With Michael Como, Lan Li, and C. Pierce Salguero
Expounding upon the interdisciplinary scope of the medical humanities, Professor C. Pierce Salguero (Associate Professor of Asian History and Religious Studies at Penn State University, Abington College) spoke of how he has been exploring the interrelation between Buddhism and medicine through a variety of methods, including history and specifically the history of medicine, translation studies, literary studies, and anthropology. Seeking to contextualize Buddhism and Buddhist engagements with health in a global history, Professor Salguero provided an overview of his project to date, departing from the knowledge and traditions of healing in China, where an archival abundance facilitates in-depth scholarly research.
What emerges from such research foregrounds the role of Buddhism in transporting medical ideas and practices from the Indo-European world into eastern parts of Asia. From the earliest Buddhist texts in early India, Buddhist writers have consciously identified their tradition as the solution for issues of human suffering, and illness, healing, and doctors feature frequently in narratives and similes. In fact, the first written records of Indian medical terminology can be found in early Buddhist scriptures, and the Buddhist monastic literature on disciplinary practices shed light on how fundamentally medicine undergirded everyday habits. Buddhism facilitated medical exchanges across multiple intercontinental networks even in the seventh century, giving rise to diverse healing practices throughout the thirteenth and nineteenth centuries. Colonialism in the nineteenth and twentieth centuries turned on Buddhist medical practices with suspicion and an impulse to suppress, but recent decades have seen the remaking of Buddhist ideas to align with modern biomedical frameworks. Configurations of Buddhism and biomedicine in countries across southeast Asia as well as in the United States have opened up new areas for interdisciplinary research, inviting scholars of different fields and medical practitioners alike to engage with health and healing in a cross-cultural and transhistorical study that amplifies non-white and non-English voices.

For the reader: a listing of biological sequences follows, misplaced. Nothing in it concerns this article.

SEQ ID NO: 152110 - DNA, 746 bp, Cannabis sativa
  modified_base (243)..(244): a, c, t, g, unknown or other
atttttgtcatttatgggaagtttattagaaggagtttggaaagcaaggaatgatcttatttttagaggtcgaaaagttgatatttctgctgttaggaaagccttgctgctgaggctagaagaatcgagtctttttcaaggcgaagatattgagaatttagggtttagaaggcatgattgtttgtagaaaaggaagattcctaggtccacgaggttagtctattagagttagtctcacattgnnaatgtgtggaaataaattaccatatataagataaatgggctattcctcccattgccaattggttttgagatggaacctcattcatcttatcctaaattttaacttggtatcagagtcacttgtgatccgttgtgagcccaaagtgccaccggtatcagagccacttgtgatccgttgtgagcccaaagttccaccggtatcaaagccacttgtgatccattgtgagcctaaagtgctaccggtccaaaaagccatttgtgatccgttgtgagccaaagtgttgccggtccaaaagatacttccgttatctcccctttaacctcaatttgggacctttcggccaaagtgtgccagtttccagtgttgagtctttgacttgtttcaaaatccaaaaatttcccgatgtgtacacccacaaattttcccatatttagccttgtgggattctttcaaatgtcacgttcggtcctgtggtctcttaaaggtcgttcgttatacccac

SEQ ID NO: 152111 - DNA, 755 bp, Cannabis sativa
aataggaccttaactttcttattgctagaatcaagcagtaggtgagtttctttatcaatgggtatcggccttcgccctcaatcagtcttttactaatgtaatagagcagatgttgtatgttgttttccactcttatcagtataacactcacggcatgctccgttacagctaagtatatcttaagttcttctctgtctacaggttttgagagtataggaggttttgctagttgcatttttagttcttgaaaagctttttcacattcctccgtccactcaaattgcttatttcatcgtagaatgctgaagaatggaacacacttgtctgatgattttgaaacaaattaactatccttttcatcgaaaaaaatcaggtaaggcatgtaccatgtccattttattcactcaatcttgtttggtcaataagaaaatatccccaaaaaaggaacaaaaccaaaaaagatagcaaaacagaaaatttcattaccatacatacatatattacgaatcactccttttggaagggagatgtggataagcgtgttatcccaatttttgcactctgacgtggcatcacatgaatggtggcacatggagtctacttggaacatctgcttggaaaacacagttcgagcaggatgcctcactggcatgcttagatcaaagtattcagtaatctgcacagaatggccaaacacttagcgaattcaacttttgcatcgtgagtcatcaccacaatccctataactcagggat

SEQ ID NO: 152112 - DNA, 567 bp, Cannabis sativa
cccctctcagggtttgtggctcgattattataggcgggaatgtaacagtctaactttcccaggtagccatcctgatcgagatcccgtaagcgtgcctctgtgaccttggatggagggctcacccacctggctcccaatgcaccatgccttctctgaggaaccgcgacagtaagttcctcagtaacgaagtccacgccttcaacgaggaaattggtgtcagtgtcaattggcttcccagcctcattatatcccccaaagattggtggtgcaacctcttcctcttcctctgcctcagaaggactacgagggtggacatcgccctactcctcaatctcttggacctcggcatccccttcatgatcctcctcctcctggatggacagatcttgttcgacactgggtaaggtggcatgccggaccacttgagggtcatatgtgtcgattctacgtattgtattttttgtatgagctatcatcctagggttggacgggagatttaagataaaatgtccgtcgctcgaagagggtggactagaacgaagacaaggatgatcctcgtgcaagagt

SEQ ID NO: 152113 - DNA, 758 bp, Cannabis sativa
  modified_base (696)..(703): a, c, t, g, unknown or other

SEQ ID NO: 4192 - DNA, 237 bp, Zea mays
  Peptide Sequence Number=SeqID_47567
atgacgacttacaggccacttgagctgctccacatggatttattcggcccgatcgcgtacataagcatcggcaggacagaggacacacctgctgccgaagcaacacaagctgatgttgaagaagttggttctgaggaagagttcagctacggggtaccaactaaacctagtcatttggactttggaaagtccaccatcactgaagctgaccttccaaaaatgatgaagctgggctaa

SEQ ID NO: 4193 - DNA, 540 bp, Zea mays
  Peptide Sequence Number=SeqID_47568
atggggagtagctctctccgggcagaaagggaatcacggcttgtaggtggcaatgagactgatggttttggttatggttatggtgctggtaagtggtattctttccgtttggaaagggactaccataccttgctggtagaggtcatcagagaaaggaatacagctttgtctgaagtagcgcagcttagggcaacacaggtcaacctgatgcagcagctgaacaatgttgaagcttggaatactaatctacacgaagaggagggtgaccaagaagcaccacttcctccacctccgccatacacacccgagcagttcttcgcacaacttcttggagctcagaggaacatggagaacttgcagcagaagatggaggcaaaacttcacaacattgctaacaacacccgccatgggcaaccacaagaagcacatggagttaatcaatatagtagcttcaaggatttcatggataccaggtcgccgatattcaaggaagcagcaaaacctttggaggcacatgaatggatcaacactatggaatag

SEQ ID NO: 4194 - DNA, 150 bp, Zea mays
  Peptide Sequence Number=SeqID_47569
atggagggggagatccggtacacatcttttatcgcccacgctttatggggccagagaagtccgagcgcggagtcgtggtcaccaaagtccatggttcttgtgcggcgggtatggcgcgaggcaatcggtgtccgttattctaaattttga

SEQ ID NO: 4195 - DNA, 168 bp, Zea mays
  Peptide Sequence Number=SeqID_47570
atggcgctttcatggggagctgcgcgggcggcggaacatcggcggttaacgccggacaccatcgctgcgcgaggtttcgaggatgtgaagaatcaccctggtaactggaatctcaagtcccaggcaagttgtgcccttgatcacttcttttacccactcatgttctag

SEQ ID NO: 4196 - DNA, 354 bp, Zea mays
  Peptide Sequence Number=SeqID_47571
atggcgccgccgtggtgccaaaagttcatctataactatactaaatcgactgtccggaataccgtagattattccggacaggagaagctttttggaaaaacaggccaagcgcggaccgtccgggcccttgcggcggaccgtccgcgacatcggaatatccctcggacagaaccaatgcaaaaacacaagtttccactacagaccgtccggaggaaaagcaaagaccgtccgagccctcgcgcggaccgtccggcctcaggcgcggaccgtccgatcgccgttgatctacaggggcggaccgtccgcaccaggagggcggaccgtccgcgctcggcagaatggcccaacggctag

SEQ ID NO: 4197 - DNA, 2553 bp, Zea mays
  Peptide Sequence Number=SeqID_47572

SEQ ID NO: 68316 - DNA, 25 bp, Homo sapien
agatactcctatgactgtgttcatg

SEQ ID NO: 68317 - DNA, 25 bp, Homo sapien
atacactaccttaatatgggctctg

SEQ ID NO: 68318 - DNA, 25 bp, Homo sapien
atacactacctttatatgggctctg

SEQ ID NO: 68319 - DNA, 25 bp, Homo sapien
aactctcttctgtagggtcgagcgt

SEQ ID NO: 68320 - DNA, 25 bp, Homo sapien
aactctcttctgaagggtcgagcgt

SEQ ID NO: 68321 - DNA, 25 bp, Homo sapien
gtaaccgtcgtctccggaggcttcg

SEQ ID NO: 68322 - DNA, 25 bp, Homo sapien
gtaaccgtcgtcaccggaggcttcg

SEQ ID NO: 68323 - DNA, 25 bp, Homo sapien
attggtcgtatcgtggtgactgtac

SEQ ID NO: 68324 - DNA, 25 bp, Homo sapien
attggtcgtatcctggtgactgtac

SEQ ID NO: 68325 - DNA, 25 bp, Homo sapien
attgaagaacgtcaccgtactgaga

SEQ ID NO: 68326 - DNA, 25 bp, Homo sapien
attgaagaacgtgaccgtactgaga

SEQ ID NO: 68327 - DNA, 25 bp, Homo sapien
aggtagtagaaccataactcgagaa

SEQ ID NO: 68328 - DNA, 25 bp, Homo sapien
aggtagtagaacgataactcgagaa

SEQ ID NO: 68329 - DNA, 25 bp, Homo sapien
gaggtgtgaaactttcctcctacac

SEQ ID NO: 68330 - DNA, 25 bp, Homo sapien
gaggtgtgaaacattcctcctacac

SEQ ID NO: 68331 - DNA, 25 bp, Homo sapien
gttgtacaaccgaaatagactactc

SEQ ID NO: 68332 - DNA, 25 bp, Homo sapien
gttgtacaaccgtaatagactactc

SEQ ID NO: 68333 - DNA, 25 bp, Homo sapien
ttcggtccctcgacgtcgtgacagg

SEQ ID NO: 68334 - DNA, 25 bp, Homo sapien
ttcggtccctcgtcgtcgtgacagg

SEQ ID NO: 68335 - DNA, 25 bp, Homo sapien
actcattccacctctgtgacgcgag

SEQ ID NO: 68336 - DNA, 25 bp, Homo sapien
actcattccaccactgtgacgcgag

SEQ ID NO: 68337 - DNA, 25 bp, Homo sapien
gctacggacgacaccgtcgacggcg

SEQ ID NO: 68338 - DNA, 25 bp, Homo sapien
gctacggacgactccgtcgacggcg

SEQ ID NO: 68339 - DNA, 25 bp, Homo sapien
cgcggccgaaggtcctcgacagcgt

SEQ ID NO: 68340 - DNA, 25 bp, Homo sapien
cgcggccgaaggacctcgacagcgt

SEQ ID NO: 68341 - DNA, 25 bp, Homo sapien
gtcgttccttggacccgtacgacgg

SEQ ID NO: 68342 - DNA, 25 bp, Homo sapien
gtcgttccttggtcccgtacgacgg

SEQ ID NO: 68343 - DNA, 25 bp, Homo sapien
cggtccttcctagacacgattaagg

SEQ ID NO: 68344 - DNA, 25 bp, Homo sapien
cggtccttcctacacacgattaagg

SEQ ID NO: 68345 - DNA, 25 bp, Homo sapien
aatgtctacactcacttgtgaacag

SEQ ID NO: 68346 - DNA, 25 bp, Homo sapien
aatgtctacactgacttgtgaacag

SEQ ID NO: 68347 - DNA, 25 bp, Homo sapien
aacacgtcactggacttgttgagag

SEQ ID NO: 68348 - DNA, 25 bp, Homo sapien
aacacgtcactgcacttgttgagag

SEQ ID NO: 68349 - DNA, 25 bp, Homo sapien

Professor Michael Como responded (Tōshū Fukami Associate Professor of Shinto Studies at Columbia University) by drawing attention to local contexts of Buddhist practices and the uncontainable presence of the spiritual, challenging us to speak of Buddhist healing without limiting it to ideas that can be transcribed onto western practices and knowledge. Questions from the audience likewise pondered the critical stakes of the ethnographic work involved in studying Buddhism and health together, including questions of transmission and exchange. We can appreciate, however, the value of medical humanities in creating such interdisciplinary dialogues and reflexively probing for inclusivity.
Ami Yoon is a graduate student in the Department of English and Comparative Literature at Columbia University.